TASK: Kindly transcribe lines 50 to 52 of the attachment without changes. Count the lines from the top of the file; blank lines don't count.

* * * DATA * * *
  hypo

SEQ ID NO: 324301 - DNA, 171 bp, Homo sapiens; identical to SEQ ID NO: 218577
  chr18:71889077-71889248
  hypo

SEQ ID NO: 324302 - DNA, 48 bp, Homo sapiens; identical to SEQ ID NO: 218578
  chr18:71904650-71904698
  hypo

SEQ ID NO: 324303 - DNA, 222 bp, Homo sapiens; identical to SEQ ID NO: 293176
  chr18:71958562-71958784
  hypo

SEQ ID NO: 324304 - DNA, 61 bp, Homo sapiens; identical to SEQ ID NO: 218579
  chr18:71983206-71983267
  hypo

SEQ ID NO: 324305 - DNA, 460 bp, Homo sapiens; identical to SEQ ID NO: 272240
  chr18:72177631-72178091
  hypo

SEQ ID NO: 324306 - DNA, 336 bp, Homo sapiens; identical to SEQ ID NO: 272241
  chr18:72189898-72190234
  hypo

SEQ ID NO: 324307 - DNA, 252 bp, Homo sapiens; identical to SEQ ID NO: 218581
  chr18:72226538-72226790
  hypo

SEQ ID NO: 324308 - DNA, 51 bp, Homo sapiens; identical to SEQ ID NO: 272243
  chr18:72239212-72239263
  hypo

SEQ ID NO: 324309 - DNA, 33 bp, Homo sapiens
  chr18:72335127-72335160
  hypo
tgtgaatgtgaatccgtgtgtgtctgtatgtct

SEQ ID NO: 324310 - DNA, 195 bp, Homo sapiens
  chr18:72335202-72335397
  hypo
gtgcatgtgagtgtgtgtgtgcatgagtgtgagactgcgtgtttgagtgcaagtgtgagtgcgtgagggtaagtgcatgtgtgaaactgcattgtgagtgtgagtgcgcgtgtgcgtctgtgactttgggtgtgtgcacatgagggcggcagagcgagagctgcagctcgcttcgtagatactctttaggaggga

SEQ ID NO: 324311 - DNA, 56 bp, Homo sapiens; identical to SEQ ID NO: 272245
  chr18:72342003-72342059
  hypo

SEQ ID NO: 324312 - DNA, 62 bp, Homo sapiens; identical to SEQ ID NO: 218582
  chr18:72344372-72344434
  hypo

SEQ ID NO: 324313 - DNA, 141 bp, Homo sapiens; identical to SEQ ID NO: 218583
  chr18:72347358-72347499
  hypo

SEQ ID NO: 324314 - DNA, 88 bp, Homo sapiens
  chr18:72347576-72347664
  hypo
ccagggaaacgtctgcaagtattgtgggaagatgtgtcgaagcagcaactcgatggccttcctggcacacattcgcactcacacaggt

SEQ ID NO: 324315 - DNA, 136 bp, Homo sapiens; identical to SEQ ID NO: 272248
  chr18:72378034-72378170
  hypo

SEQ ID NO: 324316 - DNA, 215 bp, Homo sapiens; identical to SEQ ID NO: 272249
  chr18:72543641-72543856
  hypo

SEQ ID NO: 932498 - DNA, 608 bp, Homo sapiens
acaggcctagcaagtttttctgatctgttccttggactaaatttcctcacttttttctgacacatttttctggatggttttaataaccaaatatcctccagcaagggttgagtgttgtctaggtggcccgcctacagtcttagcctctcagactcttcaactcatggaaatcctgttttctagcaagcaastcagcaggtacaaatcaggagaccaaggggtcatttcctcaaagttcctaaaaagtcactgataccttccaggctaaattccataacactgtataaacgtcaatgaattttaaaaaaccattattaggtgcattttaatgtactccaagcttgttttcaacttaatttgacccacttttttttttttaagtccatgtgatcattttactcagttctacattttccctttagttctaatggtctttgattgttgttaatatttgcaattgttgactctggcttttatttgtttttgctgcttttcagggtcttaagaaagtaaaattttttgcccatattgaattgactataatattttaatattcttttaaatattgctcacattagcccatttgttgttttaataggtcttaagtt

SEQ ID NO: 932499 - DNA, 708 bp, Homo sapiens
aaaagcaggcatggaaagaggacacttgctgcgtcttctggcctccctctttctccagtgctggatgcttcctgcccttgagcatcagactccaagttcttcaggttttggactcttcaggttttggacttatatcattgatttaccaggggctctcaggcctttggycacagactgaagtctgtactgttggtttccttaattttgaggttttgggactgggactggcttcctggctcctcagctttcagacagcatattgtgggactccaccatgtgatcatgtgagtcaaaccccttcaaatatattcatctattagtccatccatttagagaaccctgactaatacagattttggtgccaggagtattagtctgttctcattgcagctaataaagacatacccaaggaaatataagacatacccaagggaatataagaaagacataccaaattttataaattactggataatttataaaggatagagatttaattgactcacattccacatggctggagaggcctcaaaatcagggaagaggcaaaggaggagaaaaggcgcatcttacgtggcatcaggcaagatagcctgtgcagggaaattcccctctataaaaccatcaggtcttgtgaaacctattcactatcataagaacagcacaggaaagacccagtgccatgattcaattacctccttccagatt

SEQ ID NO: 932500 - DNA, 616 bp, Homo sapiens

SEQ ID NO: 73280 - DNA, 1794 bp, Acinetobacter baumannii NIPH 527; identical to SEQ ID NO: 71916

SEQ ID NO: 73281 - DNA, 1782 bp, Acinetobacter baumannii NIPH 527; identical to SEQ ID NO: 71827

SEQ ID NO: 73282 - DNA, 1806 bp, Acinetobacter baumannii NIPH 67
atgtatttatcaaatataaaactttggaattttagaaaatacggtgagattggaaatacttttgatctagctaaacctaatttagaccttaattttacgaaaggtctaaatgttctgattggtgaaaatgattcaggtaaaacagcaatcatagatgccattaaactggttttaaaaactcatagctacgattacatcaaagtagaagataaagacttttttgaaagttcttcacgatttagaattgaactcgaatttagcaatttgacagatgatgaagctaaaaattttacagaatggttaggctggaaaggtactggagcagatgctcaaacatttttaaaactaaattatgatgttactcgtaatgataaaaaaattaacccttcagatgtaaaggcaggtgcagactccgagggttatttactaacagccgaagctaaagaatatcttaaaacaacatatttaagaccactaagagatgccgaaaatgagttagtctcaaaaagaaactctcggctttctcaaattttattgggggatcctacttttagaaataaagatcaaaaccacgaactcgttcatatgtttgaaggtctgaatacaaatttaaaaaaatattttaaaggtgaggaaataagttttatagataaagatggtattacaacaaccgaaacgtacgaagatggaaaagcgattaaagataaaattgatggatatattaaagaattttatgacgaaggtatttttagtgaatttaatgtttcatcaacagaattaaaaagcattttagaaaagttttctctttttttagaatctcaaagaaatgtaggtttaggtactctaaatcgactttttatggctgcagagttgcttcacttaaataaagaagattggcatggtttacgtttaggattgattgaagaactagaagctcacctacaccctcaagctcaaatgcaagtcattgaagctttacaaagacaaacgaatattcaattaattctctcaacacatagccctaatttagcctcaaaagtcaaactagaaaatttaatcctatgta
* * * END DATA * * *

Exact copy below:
SEQ ID NO: 324316 - DNA, 215 bp, Homo sapiens; identical to SEQ ID NO: 272249
  chr18:72543641-72543856
  hypo